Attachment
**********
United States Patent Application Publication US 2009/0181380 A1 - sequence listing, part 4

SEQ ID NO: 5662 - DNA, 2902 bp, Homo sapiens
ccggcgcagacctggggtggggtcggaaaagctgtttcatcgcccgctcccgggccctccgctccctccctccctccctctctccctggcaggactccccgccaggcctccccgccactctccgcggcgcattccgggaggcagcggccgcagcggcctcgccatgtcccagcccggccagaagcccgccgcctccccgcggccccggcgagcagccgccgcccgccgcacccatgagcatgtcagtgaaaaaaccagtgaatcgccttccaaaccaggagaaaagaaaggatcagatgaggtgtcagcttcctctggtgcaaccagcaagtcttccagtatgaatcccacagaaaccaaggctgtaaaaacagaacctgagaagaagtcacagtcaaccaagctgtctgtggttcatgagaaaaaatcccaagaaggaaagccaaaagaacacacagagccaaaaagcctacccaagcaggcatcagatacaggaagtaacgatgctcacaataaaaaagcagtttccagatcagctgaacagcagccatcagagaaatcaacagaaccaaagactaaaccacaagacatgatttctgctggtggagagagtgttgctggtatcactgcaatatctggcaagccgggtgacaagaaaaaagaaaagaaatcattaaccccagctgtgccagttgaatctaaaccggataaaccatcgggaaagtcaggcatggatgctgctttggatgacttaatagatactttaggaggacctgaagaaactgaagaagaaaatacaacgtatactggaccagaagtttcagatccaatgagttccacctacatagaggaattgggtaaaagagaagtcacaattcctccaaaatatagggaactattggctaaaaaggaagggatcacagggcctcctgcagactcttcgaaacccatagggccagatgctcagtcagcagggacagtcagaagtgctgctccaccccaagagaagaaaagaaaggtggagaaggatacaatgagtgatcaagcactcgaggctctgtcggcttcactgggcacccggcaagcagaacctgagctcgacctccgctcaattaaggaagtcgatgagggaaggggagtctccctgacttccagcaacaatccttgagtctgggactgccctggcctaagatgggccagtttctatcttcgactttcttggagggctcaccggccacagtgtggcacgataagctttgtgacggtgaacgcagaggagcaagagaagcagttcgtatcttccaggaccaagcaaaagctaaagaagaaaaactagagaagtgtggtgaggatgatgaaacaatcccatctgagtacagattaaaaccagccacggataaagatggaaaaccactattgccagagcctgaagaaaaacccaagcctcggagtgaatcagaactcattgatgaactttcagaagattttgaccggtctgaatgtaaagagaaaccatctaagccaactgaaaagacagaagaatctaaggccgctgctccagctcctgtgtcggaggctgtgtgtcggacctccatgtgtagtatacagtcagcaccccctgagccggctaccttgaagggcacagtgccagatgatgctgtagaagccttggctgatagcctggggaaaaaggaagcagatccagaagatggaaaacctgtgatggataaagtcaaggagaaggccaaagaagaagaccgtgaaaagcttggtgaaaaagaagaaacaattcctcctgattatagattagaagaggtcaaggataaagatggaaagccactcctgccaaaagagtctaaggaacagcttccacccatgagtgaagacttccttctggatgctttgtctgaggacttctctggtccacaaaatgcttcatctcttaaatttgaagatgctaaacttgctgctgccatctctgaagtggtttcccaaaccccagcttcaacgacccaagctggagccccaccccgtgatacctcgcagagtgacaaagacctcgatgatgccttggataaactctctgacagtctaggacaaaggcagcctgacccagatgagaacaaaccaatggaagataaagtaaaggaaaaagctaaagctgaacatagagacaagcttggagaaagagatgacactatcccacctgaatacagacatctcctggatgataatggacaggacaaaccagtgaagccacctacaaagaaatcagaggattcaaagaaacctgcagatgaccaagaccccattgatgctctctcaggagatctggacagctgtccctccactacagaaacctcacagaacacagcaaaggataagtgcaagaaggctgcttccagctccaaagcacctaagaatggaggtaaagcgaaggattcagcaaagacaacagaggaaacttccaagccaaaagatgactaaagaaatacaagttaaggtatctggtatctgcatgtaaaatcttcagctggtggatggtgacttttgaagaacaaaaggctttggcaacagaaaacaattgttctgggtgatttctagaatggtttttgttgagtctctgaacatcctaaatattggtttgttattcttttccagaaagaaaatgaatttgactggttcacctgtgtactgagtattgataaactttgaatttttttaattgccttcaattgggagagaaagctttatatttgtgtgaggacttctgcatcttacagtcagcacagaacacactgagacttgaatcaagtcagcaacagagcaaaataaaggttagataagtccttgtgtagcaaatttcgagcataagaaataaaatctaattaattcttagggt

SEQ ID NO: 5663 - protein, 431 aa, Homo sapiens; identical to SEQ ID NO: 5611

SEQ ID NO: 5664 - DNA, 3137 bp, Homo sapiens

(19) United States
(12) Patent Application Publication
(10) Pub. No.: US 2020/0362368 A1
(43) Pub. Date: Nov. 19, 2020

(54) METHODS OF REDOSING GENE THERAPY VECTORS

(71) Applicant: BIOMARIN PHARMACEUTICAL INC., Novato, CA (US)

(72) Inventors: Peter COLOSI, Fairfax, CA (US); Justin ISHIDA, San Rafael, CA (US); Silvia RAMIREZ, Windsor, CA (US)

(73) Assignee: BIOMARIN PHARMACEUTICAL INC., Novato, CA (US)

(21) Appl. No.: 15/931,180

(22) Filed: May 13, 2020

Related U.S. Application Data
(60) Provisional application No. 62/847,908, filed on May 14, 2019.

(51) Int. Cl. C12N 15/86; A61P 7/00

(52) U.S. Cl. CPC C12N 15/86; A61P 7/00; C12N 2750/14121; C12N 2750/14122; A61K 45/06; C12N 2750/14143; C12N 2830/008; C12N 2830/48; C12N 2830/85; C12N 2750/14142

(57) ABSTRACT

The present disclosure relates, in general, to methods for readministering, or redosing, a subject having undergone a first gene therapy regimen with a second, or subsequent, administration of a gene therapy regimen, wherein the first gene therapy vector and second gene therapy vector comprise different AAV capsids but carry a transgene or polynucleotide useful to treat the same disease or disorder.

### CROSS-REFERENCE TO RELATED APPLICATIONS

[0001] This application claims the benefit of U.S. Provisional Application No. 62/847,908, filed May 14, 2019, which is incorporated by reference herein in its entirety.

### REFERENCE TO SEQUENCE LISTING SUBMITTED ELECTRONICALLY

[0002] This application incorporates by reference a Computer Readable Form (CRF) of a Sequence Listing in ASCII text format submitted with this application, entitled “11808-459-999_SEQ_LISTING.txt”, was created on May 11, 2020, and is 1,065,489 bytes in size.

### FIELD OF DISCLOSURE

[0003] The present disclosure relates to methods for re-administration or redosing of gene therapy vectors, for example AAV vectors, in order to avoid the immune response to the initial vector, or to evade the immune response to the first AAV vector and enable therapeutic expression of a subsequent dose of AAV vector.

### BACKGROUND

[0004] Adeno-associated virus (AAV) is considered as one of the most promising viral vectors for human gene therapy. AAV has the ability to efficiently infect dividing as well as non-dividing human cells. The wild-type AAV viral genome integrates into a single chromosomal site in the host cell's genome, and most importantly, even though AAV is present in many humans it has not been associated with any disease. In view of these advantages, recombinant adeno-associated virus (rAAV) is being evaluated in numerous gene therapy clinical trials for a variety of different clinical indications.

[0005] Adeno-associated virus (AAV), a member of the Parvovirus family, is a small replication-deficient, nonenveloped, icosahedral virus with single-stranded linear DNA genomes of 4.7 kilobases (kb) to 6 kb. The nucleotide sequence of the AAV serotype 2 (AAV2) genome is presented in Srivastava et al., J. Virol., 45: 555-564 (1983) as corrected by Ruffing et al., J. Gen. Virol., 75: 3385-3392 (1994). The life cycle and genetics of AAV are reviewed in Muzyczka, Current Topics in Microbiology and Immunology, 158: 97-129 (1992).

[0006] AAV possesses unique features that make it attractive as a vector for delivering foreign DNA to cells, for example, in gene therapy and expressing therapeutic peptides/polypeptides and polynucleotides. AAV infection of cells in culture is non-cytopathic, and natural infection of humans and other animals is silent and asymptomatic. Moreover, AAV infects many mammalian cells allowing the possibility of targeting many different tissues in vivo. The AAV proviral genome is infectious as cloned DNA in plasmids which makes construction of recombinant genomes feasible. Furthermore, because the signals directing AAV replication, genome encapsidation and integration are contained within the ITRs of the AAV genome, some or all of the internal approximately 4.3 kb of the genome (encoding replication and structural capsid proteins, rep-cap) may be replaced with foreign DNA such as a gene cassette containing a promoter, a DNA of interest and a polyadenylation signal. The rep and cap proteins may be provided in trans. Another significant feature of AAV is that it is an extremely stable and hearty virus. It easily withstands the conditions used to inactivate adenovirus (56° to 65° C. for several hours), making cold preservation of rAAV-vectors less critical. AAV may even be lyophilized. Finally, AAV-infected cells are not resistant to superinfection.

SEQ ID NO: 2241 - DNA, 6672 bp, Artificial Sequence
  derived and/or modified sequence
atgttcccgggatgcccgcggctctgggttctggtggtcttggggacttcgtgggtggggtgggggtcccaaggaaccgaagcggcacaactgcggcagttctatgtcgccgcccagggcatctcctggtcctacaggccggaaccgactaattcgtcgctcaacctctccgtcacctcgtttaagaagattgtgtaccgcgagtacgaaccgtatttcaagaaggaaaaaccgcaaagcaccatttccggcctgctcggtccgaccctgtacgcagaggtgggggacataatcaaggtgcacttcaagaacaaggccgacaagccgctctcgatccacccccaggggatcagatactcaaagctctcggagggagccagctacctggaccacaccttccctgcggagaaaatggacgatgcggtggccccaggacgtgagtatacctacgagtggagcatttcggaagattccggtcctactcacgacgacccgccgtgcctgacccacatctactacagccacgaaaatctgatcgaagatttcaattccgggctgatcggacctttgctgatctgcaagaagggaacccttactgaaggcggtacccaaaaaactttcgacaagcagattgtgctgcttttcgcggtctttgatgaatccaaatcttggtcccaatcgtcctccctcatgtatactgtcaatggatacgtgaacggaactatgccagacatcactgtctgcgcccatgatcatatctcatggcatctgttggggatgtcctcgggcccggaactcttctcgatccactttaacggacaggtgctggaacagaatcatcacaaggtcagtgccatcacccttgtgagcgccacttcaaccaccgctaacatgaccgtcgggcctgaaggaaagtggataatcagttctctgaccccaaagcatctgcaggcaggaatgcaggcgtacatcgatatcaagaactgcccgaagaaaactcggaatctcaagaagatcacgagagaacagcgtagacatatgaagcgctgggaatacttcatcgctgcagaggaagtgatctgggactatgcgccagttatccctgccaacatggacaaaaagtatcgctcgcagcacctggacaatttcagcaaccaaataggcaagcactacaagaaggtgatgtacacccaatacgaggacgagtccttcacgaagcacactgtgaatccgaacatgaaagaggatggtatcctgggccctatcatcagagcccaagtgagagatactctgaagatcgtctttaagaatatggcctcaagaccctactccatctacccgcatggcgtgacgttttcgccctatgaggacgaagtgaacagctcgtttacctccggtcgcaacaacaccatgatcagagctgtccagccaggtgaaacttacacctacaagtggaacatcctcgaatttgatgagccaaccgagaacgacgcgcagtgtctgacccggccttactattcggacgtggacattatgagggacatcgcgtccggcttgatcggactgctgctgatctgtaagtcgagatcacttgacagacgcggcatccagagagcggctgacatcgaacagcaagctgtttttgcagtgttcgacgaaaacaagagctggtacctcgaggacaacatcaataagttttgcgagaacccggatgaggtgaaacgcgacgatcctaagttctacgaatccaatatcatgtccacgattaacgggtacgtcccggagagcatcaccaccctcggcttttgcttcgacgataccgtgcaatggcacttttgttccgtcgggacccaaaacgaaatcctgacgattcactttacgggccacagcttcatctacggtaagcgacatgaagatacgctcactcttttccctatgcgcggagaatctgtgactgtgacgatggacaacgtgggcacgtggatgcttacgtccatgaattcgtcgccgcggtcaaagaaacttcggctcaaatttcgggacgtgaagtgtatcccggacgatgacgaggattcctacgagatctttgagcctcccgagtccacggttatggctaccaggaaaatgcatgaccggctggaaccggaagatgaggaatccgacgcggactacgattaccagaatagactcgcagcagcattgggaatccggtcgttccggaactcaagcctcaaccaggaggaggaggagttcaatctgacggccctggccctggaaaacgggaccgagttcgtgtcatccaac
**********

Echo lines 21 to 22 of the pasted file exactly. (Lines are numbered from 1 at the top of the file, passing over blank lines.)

The present disclosure relates, in general, to methods for readministering, or redosing, a subject having undergone a first gene therapy regimen with a second, or subsequent, administration of a gene therapy regimen, wherein the first gene therapy vector and second gene therapy vector comprise different AAV capsids but carry a transgene or polynucleotide useful to treat the same disease or disorder.

### CROSS-REFERENCE TO RELATED APPLICATIONS